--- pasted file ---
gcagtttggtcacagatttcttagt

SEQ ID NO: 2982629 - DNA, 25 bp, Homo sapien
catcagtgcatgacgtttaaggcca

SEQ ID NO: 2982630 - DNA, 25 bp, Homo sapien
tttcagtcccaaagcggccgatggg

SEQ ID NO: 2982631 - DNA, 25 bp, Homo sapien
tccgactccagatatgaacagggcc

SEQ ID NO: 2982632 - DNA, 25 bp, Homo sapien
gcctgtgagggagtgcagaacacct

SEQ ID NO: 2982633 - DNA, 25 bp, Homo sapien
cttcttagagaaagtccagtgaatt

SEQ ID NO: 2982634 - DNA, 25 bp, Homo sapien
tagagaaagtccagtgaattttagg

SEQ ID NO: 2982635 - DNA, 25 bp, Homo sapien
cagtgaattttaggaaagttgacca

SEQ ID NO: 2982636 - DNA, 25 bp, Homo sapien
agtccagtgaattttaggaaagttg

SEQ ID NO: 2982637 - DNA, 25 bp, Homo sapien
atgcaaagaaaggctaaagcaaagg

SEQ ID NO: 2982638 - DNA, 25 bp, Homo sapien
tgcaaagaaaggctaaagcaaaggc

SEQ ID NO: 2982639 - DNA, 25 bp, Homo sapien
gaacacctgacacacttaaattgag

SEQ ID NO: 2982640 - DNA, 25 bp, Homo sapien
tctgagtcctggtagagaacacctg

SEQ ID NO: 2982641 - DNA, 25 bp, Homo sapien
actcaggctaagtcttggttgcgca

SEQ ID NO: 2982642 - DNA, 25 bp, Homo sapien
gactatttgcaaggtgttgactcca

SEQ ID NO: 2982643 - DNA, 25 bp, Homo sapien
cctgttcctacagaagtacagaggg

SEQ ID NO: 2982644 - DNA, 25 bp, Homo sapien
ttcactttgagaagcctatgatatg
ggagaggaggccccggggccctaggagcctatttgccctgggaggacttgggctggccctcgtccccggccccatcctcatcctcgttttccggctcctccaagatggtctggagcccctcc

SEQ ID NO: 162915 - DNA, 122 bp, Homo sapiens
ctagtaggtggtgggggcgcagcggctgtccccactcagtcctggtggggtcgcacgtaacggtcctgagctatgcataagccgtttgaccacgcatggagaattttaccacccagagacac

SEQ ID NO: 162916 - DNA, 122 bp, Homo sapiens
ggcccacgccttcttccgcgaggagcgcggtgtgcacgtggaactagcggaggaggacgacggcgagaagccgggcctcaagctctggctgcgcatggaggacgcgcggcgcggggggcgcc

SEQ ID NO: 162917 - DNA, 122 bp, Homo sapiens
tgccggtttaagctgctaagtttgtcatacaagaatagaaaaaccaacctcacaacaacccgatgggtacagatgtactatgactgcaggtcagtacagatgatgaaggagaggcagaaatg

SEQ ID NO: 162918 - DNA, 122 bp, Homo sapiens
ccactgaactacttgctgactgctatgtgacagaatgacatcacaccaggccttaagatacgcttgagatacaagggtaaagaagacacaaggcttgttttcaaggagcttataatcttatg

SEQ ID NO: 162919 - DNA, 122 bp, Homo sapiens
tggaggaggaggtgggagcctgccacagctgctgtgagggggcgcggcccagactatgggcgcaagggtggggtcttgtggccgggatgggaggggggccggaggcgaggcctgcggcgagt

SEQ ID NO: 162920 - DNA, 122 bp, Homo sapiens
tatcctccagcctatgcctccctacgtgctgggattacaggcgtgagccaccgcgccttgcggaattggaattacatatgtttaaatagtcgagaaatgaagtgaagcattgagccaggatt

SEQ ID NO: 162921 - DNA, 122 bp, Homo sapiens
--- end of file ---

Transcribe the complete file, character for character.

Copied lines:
gcagtttggtcacagatttcttagt

SEQ ID NO: 2982629 - DNA, 25 bp, Homo sapien
catcagtgcatgacgtttaaggcca

SEQ ID NO: 2982630 - DNA, 25 bp, Homo sapien
tttcagtcccaaagcggccgatggg

SEQ ID NO: 2982631 - DNA, 25 bp, Homo sapien
tccgactccagatatgaacagggcc

SEQ ID NO: 2982632 - DNA, 25 bp, Homo sapien
gcctgtgagggagtgcagaacacct

SEQ ID NO: 2982633 - DNA, 25 bp, Homo sapien
cttcttagagaaagtccagtgaatt

SEQ ID NO: 2982634 - DNA, 25 bp, Homo sapien
tagagaaagtccagtgaattttagg

SEQ ID NO: 2982635 - DNA, 25 bp, Homo sapien
cagtgaattttaggaaagttgacca

SEQ ID NO: 2982636 - DNA, 25 bp, Homo sapien
agtccagtgaattttaggaaagttg

SEQ ID NO: 2982637 - DNA, 25 bp, Homo sapien
atgcaaagaaaggctaaagcaaagg

SEQ ID NO: 2982638 - DNA, 25 bp, Homo sapien
tgcaaagaaaggctaaagcaaaggc

SEQ ID NO: 2982639 - DNA, 25 bp, Homo sapien
gaacacctgacacacttaaattgag

SEQ ID NO: 2982640 - DNA, 25 bp, Homo sapien
tctgagtcctggtagagaacacctg

SEQ ID NO: 2982641 - DNA, 25 bp, Homo sapien
actcaggctaagtcttggttgcgca

SEQ ID NO: 2982642 - DNA, 25 bp, Homo sapien
gactatttgcaaggtgttgactcca

SEQ ID NO: 2982643 - DNA, 25 bp, Homo sapien
cctgttcctacagaagtacagaggg

SEQ ID NO: 2982644 - DNA, 25 bp, Homo sapien
ttcactttgagaagcctatgatatg
ggagaggaggccccggggccctaggagcctatttgccctgggaggacttgggctggccctcgtccccggccccatcctcatcctcgttttccggctcctccaagatggtctggagcccctcc

SEQ ID NO: 162915 - DNA, 122 bp, Homo sapiens
ctagtaggtggtgggggcgcagcggctgtccccactcagtcctggtggggtcgcacgtaacggtcctgagctatgcataagccgtttgaccacgcatggagaattttaccacccagagacac

SEQ ID NO: 162916 - DNA, 122 bp, Homo sapiens
ggcccacgccttcttccgcgaggagcgcggtgtgcacgtggaactagcggaggaggacgacggcgagaagccgggcctcaagctctggctgcgcatggaggacgcgcggcgcggggggcgcc

SEQ ID NO: 162917 - DNA, 122 bp, Homo sapiens
tgccggtttaagctgctaagtttgtcatacaagaatagaaaaaccaacctcacaacaacccgatgggtacagatgtactatgactgcaggtcagtacagatgatgaaggagaggcagaaatg

SEQ ID NO: 162918 - DNA, 122 bp, Homo sapiens
ccactgaactacttgctgactgctatgtgacagaatgacatcacaccaggccttaagatacgcttgagatacaagggtaaagaagacacaaggcttgttttcaaggagcttataatcttatg

SEQ ID NO: 162919 - DNA, 122 bp, Homo sapiens
tggaggaggaggtgggagcctgccacagctgctgtgagggggcgcggcccagactatgggcgcaagggtggggtcttgtggccgggatgggaggggggccggaggcgaggcctgcggcgagt

SEQ ID NO: 162920 - DNA, 122 bp, Homo sapiens
tatcctccagcctatgcctccctacgtgctgggattacaggcgtgagccaccgcgccttgcggaattggaattacatatgtttaaatagtcgagaaatgaagtgaagcattgagccaggatt

SEQ ID NO: 162921 - DNA, 122 bp, Homo sapiens